Seafood has a special role in the Chinese luxury dining scene. Inviting people at a big seafood banquet is a way to strengthen social relationships with important partners in a professional context. For these reasons the high ranked people in government or the private sector often attend banquets as part of their work obligations. Seafood dishes served at banquets include lobster, giant geoduck clams, crabs and abalone, shark fin, sea cucumbers, and reef fish.
Data show that the country’s per capita consumption of seafood is increasing as Chinese middle class expands and incomes rise. However, this situation entails some concerns and problems.
The live reef fish for food trade represents one of the main fishery industries in Asia Pacific: major source countries are Indonesia and the Philippines, and the most of the exports go to Hong Kong and China.
Among reef fish, napoleon wrasse is the most lavishly priced, costing from 80 to 2000 yuan for 500 grams, followed by mouse grouper, a delicately mottled grey and black fish, scarlet leopard coral grouper, and other groupers.
Experts explain that the price represents the main attraction of these fish in Chinese seafood banquets: ordering them is a way of showing your guests that you value them and honour them. The price plays a more important role that the taste and attractive appearance of fishes.
On the other hand, environmentalists have raised doubts and concerns about the impact of the fish trade on fish stocks and the health of coral reefs across Southeast Asia. Environmental groups did fight for many years to establish stronger controls to regulate the trade. Additionally, these experts have highlighted the urgency of the situation: the napoleon wrasse is endangered, several other species are threatened, and the cyanide that is often used to catch them damages coral reefs.
Also, tuna and salmon are popular as sushi and sashimi, prepared a la Japanese style, and puffer fish is also a high status dish: studies show that marine fishes are preferred over freshwater fish, viewed as common and cheap. At the international level, shark-fin soup is the best-known seafood dish in these banquets. However, restaurant representatives have reported a significant decline in the consumption of shark fin: in recent years environmentalist campaigns have heavily publicized cruelty of harvesting shark fin, raising awareness of this issue among consumers.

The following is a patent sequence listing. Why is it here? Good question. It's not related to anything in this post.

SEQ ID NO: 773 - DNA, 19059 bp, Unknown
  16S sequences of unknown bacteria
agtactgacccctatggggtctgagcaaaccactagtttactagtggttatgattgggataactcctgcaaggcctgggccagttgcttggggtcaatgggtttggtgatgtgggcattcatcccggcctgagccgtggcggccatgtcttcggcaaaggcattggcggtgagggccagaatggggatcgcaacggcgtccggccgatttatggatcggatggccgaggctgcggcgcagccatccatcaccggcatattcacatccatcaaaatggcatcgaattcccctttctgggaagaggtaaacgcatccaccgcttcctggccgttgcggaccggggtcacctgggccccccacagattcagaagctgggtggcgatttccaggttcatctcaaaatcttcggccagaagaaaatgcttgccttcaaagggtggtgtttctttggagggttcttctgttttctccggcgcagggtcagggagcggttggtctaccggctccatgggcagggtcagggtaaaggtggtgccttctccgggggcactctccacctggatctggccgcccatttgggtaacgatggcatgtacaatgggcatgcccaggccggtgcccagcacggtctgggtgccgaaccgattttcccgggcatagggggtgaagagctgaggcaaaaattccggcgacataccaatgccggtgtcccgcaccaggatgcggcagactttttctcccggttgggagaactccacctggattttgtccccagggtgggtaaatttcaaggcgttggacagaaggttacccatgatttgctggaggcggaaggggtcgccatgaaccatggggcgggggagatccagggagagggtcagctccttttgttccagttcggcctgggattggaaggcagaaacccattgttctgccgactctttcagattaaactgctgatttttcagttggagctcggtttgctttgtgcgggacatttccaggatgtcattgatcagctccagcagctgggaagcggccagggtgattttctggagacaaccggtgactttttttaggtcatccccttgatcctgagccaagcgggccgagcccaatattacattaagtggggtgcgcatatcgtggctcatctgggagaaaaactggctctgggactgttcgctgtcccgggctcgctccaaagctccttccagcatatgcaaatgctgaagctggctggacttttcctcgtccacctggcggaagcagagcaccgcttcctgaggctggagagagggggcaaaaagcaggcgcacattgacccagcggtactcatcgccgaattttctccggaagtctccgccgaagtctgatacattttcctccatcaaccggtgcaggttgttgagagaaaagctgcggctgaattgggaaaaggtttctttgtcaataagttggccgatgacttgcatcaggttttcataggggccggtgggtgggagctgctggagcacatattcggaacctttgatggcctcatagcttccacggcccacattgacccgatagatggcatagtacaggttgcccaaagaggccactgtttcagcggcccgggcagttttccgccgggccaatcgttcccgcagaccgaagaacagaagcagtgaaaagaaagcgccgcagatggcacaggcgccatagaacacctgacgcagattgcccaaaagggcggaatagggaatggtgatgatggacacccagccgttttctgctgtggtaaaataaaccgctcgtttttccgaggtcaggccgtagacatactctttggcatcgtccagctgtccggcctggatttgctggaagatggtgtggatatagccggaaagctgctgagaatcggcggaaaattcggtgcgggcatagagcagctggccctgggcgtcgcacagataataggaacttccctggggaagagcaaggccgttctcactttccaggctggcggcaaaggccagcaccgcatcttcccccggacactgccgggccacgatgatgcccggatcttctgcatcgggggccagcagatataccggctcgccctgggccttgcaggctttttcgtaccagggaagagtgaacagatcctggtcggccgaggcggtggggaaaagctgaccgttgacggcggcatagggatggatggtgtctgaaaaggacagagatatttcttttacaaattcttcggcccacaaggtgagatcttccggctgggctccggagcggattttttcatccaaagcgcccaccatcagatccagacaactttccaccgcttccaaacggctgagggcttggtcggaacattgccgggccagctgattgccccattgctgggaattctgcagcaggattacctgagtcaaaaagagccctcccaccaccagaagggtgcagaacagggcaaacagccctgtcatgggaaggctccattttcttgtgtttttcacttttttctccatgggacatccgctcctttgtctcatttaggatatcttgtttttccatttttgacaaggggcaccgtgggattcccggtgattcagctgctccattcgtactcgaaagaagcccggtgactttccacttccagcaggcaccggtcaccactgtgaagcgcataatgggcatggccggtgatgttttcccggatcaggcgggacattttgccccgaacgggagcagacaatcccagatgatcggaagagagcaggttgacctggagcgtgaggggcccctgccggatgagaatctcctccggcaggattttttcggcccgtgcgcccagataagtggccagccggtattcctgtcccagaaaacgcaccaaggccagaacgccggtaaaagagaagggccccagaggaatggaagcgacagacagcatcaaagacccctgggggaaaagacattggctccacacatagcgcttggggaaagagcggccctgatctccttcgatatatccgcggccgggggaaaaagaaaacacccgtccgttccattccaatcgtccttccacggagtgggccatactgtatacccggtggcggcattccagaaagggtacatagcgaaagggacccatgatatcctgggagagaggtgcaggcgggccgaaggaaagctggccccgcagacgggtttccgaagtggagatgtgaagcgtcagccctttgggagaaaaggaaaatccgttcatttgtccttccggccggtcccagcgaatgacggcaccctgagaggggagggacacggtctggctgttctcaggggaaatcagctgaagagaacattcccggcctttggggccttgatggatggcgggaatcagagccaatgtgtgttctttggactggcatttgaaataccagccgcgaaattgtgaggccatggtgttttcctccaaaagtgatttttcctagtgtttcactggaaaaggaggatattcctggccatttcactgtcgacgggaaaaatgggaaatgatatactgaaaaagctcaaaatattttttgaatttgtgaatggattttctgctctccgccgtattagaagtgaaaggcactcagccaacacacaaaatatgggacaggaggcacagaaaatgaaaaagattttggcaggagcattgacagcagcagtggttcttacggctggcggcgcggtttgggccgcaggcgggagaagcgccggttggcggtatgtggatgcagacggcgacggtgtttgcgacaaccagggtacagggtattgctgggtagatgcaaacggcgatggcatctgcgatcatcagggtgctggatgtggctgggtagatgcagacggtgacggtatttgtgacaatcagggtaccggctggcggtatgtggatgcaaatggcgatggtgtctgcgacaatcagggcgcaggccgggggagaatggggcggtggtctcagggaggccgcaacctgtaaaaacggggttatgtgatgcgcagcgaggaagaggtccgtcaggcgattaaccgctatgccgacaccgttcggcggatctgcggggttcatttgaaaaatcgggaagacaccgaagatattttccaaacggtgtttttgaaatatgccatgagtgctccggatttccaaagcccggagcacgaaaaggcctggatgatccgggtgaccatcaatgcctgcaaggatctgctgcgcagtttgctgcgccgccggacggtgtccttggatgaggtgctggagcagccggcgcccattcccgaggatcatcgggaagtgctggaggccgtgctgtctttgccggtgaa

Due to multiple food safety scandals and crimes in recent years, trust in the food system is extremely low.
Moreover, in recent years there have been significant policy developments that have had a significant impact on luxury seafood consumption. Governments have launched a widespread crackdown against all forms of government excess: government banquets were one of the main targets. For example, the government has recently announced a ban on shark fin at state banquets within few years.
In this framework, experts have stressed the importance to establish stronger measures in order to improve a stricter regulation.
According to experts, the strategies to achieve concrete results should include commitments for greater forms of traceability within the Chinese seafood market, the adoption of certification schemes, the use of the Convention on International Trade in Endangered Species of Wild Fauna and Flora (CITES) as a conservation instrument for endangered species consumed in China, and the development of consumer awareness campaigns.
In this way, reinforcing public awareness of environmental issues among consumers will play a crucial role as a driver of reduced consumption of unsustainably sourced seafood in Chinese banquets.
The gLAWcal Team
Thursday, 30 October 2014